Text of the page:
Table 1 Assignments and infrared band positions of selected kaolin samples from South Africa, Cameroon and theoretical kaolinite. Wavenumber ([cm.sup.-1]) Theoretical ZEB 1 ZEB 2 DUT 1 DUT 2 ED 1 ED 2 kaolinite 3670 - 56 3688 3687 3692 3690 3686 -- 3650 3650 3651 3652 -- -- 3645 3619 3619 3619 3624 3619 3619 -- -- 3404 3368 3410 3410 - -- -- -- -- 1397 1404 - -- 1648 1653 1649 1640 1641 1117 - 05 1113 1113 1111 1112 1113 -- 1035 - 30 1039 1023 1025 1024 -- -- 1019 - 05 993 996 999 996 981 978 918 - 09 907 908 908 908 907 908 828 -- -- -- -- 828 800 - 784 795 789 793 789 796 797 749 750 748 751 700 - 686 687 683 686 679 684 690 542 - 35 521 523 524 522 518 519 475 - 68 454 455 459 455 455 455 430 423 -- 419 414 410 -- 403 403 403 -- 403 402 -- -- 398 -- -- 399 Wavenumber ([cm.sup.-1]) Theoretical MK 1 MK 2 Assignment kaolinite 3670 - 56 3693 3700 Al---O-H -- -- stretching of inner-surface hydroxyls Al---O-H 3645 3621 3624 stretching of inner hydroxyls 3398 3411 H-O-H stretching - -- 1417 (absorbed water) H-O-H bending; - 1642 1636 possibly smectite interference 1117 - 05 -- -- Si--O stretching 1035 - 30 Si--O stretching; -- -- muscovite interference 1019 - 05 1000 979 Si--O quartz 918 - 09 909 907 OH deformation -- -- OH deformation 800 - 784 797 797 linked to [Al.sup.3-], [Mg.sup.2-] 749 778 700 - 686 682 691 Si - O quartz 542 - 35 523 515 * Fe-O, [Fe.sub.2][O.sub.3]; Si--O--Al stretching 475 - 68 459 450 Si--O--Si bending 430 415 422 Si--O deformation 407 406 -- -- Values for theoretical kaolinite (Vaculikova et al., 2011); * Fe-O, [Fe.sub.2][O.sub.3] not present in theoretical kaolinite; (--), very weak intensity or not detected. Table 2 DSC-DTG endothermic and exothermic peak temperatures and main reactions of representative samples from South Africa and Cameroon compared against Mayouom, Mavaiela, Makoro and Kgwakgwe kaolins. ZEB 1 ZEB 2 DUT 1 DUT 2 ED 1 ED 2 MK 1 MK 2 Endothermic peaks ([degrees]C) - 85 90 85 95 95 105 110 - 350 300 295 -- -- 305 -- 530 560 530 535 560 560 500 505 6.5 10.4 16.2 10.5 8 9.2 19.4 14.4 Exothermic peaks ([degrees]C) 1000 970 955 945 1002 930 960 980 Mayouom Mavaiela Makoro Kgwakgwe Main reaction Endothermic peaks ([degrees]C) -- 100-105 -- 120 Dehydration of adsorbed water -- -- 350 -- Goethite dehyroxylation 520 -522 550-540 605 610 Kaolinite dehydroxylation 12-13 -- 12-16 6-13 Mass loss (Wt. %) Exothermic peaks ([degrees]C) 980-975 1000 1000 1020 Recrystallization of kaolinite Values for Mayououm, Mavaiela, Makoro and Kgwakgwe obtained from Njoya et al. (2006), Saviano et al (2005); and Ekosse, 2000; 2001 respectively.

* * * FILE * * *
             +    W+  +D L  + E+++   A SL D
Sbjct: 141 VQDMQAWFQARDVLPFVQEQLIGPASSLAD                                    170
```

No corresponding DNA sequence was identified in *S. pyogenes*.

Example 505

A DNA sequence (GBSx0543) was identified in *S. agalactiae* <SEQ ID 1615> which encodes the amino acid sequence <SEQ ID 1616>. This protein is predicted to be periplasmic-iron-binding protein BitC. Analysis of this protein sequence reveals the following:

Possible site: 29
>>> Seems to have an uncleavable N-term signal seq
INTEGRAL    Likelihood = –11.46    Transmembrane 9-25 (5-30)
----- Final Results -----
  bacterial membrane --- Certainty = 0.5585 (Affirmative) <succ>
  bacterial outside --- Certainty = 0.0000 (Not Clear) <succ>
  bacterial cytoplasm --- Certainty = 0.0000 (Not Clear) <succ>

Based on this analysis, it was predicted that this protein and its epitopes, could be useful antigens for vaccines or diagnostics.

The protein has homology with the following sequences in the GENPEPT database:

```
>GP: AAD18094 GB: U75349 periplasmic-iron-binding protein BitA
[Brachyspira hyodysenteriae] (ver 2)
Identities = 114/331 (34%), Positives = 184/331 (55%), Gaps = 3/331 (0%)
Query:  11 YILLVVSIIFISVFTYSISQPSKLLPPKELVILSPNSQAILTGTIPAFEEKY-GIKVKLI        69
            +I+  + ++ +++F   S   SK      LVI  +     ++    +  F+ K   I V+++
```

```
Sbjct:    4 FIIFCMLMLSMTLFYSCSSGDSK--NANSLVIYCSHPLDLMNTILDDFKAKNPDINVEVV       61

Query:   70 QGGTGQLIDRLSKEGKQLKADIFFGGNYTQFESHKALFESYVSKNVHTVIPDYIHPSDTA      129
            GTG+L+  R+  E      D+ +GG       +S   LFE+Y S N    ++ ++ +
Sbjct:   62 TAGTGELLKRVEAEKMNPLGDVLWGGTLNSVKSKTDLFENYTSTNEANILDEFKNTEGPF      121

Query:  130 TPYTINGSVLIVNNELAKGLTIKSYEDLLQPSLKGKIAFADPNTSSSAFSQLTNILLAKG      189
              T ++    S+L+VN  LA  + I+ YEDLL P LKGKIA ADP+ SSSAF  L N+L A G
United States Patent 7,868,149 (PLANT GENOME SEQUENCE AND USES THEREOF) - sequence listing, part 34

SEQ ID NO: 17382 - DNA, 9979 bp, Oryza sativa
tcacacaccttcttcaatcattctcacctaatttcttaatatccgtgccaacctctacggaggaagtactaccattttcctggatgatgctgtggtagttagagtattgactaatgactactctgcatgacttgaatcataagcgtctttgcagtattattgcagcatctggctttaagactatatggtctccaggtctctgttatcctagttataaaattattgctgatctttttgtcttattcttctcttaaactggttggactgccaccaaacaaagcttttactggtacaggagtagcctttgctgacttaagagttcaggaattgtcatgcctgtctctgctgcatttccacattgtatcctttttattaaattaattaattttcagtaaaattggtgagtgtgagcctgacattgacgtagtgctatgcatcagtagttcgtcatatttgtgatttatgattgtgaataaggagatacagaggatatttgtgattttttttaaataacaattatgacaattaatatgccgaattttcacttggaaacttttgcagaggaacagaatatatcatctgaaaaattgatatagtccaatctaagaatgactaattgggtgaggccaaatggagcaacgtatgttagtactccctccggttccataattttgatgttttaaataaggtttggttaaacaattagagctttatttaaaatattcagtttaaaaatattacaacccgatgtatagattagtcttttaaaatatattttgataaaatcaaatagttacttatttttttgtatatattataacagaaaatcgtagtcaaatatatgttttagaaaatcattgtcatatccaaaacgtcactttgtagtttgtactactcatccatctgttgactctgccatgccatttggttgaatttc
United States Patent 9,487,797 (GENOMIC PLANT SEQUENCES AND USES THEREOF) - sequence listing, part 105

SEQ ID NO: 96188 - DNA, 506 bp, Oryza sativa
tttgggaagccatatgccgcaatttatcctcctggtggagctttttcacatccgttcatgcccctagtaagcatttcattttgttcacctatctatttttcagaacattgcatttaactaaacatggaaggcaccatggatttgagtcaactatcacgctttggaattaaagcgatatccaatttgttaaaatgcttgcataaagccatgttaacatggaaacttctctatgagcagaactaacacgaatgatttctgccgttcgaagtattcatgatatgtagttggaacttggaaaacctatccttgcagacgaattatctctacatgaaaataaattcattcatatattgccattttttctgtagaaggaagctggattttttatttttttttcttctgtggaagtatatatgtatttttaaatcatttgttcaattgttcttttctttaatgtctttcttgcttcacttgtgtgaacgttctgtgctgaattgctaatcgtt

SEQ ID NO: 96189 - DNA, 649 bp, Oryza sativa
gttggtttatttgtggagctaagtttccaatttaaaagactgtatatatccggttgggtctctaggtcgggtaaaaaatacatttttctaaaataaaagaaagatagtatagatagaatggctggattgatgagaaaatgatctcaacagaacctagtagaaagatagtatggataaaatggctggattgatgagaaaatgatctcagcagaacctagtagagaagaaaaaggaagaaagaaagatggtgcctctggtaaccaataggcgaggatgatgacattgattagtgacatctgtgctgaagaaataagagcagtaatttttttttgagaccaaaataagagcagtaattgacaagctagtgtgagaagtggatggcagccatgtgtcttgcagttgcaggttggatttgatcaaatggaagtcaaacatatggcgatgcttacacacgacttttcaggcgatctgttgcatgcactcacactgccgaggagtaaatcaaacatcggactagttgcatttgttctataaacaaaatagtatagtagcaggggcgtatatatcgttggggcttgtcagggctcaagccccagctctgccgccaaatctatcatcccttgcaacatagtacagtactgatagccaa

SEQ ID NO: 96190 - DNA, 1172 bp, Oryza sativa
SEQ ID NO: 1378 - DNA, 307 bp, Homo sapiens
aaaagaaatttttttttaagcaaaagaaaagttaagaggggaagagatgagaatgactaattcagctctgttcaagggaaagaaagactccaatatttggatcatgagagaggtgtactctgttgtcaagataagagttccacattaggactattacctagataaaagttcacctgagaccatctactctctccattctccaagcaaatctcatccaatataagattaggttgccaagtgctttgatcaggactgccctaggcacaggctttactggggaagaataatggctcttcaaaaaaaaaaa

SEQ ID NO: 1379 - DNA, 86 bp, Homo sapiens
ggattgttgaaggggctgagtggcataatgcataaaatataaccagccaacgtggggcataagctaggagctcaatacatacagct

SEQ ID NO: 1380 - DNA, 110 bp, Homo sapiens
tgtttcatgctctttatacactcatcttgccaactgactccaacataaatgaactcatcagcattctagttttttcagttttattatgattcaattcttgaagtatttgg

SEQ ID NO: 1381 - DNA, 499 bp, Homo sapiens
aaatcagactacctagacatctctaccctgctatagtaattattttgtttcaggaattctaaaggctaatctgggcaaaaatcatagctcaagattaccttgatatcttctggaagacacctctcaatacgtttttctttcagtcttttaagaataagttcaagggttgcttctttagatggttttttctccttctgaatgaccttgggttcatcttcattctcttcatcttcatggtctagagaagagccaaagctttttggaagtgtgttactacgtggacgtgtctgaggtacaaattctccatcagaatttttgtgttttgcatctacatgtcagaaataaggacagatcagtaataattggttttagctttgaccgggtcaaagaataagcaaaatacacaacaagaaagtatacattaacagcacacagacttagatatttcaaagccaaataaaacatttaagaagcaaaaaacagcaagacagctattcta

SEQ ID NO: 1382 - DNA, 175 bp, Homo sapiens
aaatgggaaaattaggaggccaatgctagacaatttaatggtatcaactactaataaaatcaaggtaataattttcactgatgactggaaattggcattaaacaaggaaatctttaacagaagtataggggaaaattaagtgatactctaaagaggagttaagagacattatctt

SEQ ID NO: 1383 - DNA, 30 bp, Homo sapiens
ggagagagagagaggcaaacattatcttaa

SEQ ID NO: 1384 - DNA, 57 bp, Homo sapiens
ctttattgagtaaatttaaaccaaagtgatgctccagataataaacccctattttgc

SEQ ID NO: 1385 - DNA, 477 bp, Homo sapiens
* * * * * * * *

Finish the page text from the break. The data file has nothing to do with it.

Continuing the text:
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|Title Annotation:||Original paper|
|Author:||Diko, Makia; Ekosse, Georges; Ogola, Jason|
|Publication:||Acta Geodynamica et Geromaterialia|
|Date:||Apr 1, 2016|